And although the Pope’s interview was recorded in August, before the idea for the February meeting had been conceived, those who see a link between homosexuality and clerical sex abuse view the issue of homosexuality as crucial to the upcoming discussions.
“This is an important issue since it has become apparent that some members of the clergy, including bishops, engage in homosexual activity,” said Capuchin Father Thomas Weinandy, a former executive director of the USCCB’s Secretariat for Doctrine and Pastoral Practices.
“It is known that they prey upon seminarians and young men,” he added, pointing out the “problem of ‘gay networks.’” Such behavior, he told the Register Dec. 11, “cannot be tolerated,” and the February gathering “desperately needs to address these issues if the meeting is to be taken seriously.”
In a recent interview with the Register, Father D. Paul Sullins, a senior research associate of the Ruth Institute and a recently retired professor of sociology at The Catholic University of America, highlighted a correlation between a rise in the number of priests of a homosexual orientation from the 1950s to the 1980s and “a very similar increase” in sexual-abuse incidents over the same period.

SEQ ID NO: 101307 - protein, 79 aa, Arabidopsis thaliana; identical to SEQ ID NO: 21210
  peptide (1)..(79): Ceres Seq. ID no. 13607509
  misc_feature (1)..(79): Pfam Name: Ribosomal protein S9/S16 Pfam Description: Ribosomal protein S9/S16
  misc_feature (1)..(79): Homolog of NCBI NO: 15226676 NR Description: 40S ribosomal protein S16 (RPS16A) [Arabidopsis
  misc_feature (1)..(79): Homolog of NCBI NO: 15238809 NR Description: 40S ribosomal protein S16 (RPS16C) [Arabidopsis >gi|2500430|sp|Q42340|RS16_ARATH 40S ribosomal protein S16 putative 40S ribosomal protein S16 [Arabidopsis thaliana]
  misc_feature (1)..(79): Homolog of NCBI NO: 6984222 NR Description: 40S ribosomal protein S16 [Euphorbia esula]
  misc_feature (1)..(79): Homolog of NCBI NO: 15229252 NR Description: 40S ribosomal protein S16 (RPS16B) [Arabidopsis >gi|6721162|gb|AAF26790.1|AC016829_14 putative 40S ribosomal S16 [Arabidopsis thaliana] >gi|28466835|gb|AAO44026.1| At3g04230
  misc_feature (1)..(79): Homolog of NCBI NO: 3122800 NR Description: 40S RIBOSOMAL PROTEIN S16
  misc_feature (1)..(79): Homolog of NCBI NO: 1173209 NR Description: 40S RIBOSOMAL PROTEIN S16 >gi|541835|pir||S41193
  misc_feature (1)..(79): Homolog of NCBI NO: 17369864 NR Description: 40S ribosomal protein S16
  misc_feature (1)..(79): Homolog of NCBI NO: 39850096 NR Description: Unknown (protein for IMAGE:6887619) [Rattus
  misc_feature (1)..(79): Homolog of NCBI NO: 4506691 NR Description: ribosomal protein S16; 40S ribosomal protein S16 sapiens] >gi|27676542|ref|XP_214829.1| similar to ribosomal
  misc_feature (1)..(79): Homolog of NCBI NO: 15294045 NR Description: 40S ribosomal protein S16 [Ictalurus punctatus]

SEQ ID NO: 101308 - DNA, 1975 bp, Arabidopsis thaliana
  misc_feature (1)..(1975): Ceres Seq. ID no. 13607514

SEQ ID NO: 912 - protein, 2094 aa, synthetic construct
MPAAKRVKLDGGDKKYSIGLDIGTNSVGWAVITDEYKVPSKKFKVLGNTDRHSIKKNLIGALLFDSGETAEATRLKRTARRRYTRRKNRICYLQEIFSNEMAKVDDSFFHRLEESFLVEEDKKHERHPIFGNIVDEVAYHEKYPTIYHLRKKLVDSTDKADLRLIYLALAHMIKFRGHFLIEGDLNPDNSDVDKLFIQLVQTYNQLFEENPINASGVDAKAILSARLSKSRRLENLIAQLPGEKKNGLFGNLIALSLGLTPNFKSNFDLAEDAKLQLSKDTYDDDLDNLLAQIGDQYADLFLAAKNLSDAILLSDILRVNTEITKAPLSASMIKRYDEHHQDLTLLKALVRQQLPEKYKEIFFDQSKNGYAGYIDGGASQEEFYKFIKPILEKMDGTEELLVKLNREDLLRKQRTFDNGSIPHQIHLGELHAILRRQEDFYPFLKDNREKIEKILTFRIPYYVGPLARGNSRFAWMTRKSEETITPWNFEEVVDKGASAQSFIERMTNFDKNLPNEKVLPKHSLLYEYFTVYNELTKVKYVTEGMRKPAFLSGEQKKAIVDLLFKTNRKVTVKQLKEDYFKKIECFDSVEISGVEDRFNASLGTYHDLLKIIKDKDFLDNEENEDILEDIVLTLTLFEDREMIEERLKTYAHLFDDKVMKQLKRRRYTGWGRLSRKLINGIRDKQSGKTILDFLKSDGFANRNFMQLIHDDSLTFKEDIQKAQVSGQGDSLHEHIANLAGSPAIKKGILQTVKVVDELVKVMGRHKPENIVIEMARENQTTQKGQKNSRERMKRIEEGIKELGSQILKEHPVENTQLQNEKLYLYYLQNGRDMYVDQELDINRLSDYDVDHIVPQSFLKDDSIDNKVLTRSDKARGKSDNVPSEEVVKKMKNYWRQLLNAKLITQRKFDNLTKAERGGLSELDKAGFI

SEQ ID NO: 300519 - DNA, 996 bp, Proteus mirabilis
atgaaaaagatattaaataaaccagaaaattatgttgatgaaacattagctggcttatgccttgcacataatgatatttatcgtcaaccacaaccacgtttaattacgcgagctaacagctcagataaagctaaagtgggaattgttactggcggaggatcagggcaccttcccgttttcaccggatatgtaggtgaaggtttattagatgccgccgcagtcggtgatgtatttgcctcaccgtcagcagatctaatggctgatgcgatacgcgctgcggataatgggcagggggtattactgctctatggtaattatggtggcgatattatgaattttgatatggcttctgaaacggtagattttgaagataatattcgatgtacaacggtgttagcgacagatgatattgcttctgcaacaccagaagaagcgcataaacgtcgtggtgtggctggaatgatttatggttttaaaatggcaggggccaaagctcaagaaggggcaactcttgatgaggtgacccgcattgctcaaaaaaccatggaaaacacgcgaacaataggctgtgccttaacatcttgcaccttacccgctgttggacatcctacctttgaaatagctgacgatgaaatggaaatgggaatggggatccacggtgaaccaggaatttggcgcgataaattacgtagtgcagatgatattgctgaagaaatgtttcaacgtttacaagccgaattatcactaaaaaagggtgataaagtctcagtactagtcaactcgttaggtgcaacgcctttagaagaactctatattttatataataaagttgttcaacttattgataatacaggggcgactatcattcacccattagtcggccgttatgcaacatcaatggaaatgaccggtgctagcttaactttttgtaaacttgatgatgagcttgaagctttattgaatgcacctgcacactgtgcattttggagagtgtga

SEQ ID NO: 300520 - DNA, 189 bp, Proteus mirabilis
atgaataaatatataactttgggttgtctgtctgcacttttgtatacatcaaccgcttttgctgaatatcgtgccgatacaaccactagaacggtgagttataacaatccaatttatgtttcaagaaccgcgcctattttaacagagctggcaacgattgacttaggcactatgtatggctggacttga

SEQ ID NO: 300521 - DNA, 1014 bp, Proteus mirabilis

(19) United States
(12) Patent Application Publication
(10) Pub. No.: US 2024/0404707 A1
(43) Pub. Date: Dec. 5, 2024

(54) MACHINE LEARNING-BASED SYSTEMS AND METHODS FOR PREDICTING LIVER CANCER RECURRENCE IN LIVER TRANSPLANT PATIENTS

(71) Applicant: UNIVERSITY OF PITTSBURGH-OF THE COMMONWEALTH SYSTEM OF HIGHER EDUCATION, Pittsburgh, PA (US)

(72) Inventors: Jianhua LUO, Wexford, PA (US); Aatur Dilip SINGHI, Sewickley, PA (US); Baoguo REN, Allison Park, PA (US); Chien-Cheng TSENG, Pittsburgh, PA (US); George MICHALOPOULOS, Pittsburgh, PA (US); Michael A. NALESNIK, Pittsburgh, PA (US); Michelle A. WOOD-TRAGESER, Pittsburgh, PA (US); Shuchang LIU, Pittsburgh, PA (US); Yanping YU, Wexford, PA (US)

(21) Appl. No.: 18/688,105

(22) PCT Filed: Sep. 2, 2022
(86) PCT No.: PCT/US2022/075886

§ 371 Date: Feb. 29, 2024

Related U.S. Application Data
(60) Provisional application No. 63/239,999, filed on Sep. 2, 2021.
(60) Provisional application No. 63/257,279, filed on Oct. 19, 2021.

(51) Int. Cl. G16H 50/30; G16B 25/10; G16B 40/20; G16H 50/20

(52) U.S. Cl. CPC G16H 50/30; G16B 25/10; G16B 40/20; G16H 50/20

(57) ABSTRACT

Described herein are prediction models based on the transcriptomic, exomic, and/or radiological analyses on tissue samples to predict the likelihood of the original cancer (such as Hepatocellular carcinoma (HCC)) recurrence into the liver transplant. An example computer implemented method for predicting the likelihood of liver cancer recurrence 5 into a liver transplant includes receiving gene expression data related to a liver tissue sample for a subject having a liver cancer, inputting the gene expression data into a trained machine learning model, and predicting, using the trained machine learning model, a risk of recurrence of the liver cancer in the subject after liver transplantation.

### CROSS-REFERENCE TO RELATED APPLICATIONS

Father Sullins’ findings, contained in a recently published Ruth Institute report on the clerical sex-abuse crisis, found that the share of homosexual men in the priesthood rose from twice that of the general population in the 1950s to eight times the general population in the 1980s, a trend that was very strongly correlated with increasing child sex abuse.
At the same time, the report showed that whereas a quarter of priests ordained in the late 1960s reported the existence of a homosexual subculture in their seminaries, that figure rose to more than half of priests ordained in the 1980s. This, the report concluded, was a second trend that was also strongly correlated with increasing child sex abuse.